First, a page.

Following a Wall with Dynamic Alignment

Our first algorithm to follow a wall had the robot continue to go forward as it was correcting alignment problems.

• The robot does not lose any extra time in aligning to the wall.

• The robot is always trying to correct its situation as it was a few moments earlier. This lag time in the robot's response to its environment meant that the robot was unable to navigate effectively through the maze.

Making a 90° Turn with Sensors

We originally worked on a turn procedure that was entirely dependent upon sensor readings. When the front sensor detected a wall (indicated by the sensor reading crossing a certain threshold), it signaled the robot to begin its turn. The robot continued to turn until the front sensor reading indicated that there was no longer a wall directly in front of the robot (determined by another threshold value), i.e., that the robot had completed the turn and should now go forward again. It then returned to the wall-following procedure.

• We liked the idea of relying solely on sensor readings to make a turn, instead of any sort of dead-reckoning method (such as a timed turn), because we thought it would be less likely to vary with changes in the environment.
• This procedure involved a great deal of experimentation with threshold values, but we did finally get it to work relatively consistently. The robot was then able to follow a wall down the hallway and, when it reached the end of the hallway, turn the corner.

• If the environment changed significantly, the thresholds that we settled on may no longer be valid.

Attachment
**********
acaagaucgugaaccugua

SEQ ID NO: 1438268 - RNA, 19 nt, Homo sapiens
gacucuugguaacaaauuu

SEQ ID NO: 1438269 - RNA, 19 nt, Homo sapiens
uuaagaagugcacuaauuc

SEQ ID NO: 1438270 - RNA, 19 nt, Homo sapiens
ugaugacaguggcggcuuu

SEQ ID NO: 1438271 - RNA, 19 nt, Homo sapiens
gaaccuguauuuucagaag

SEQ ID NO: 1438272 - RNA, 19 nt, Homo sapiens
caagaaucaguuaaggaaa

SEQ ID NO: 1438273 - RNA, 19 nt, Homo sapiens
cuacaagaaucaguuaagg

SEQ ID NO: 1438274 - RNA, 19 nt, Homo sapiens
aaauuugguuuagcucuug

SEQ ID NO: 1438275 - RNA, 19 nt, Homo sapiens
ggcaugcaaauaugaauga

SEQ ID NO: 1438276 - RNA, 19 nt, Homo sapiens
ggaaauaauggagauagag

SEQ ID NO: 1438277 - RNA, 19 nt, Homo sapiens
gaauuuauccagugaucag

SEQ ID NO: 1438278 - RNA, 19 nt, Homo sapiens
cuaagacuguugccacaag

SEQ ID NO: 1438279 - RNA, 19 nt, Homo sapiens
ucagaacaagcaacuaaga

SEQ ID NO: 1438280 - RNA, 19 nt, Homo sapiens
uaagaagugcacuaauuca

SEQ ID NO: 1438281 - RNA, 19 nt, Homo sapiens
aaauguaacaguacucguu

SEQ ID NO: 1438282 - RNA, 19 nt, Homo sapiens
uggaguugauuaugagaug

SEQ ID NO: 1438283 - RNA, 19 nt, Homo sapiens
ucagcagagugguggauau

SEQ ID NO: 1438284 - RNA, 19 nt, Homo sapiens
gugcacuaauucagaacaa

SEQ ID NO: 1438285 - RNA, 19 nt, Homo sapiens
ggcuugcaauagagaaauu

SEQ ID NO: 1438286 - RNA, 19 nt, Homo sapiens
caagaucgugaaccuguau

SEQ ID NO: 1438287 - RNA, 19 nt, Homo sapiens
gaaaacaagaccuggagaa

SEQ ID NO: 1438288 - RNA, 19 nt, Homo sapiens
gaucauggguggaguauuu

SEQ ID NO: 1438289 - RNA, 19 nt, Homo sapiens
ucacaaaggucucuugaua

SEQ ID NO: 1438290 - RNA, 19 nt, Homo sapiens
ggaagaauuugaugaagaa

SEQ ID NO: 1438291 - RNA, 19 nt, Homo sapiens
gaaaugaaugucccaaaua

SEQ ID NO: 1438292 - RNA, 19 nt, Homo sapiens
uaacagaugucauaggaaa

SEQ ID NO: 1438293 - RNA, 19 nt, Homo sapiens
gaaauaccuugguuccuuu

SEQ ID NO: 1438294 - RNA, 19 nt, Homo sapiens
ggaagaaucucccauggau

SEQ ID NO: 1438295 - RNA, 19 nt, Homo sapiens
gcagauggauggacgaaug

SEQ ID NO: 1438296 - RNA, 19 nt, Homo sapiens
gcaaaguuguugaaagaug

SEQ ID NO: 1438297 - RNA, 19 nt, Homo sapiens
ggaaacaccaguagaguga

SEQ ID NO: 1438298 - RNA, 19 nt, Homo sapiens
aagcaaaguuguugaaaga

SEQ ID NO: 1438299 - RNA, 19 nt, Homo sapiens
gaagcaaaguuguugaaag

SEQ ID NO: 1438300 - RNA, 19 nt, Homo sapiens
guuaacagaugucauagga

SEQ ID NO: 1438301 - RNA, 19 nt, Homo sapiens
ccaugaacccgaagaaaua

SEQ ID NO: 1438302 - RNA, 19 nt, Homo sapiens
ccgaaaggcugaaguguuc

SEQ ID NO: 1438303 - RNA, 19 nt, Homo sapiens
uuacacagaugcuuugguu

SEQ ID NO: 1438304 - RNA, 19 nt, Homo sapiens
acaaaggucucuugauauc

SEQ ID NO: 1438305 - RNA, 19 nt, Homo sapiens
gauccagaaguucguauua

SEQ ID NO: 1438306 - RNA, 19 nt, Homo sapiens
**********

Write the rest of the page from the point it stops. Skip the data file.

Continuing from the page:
• Since the turn was entirely dependent upon sensor readings, ensuring that it would always work would require predicting every possible combination of sensor readings, which simply is not feasible for us to do.

And indeed, when we returned from Spring Break, it no longer worked. Unable to quickly determine the cause of the problem, recognizing the inherent imprecision of the procedure, and with the competition approaching quickly, we opted in favor of a timed turn.

Making a 90° Timed Turn

When the front sensor detects a wall (indicated by the sensor reading crossing a certain threshold), it signals the robot to begin its turn. The robot continues to turn for a specified period of time, aligns itself with the new wall, and then returns to the wall-following procedure.

• This method does not rely on the sensor readings. This is good because we can't always know exactly what the alignment of the robot is simply from the sensor readings.

• We discovered that the amount the robot turns in a timed turn is dependent upon two factors: the specified time, and the strength of the battery (which varies, relative to how recently it has been replaced). Because the only way to control for the second variable was by changing the amount of time the robot turns for, this seemed like a bad idea. (For example, we would have to lower all the timed turn values when we replace the battery, and incrementally increase them as the battery wears down.)

This procedure involved some experimentation with the threshold value for detecting the wall, and also with the amount of time needed for the turn. After we realized that the thresholds which we came up with would not always be accurate we decided to try another method for making a 90° turn.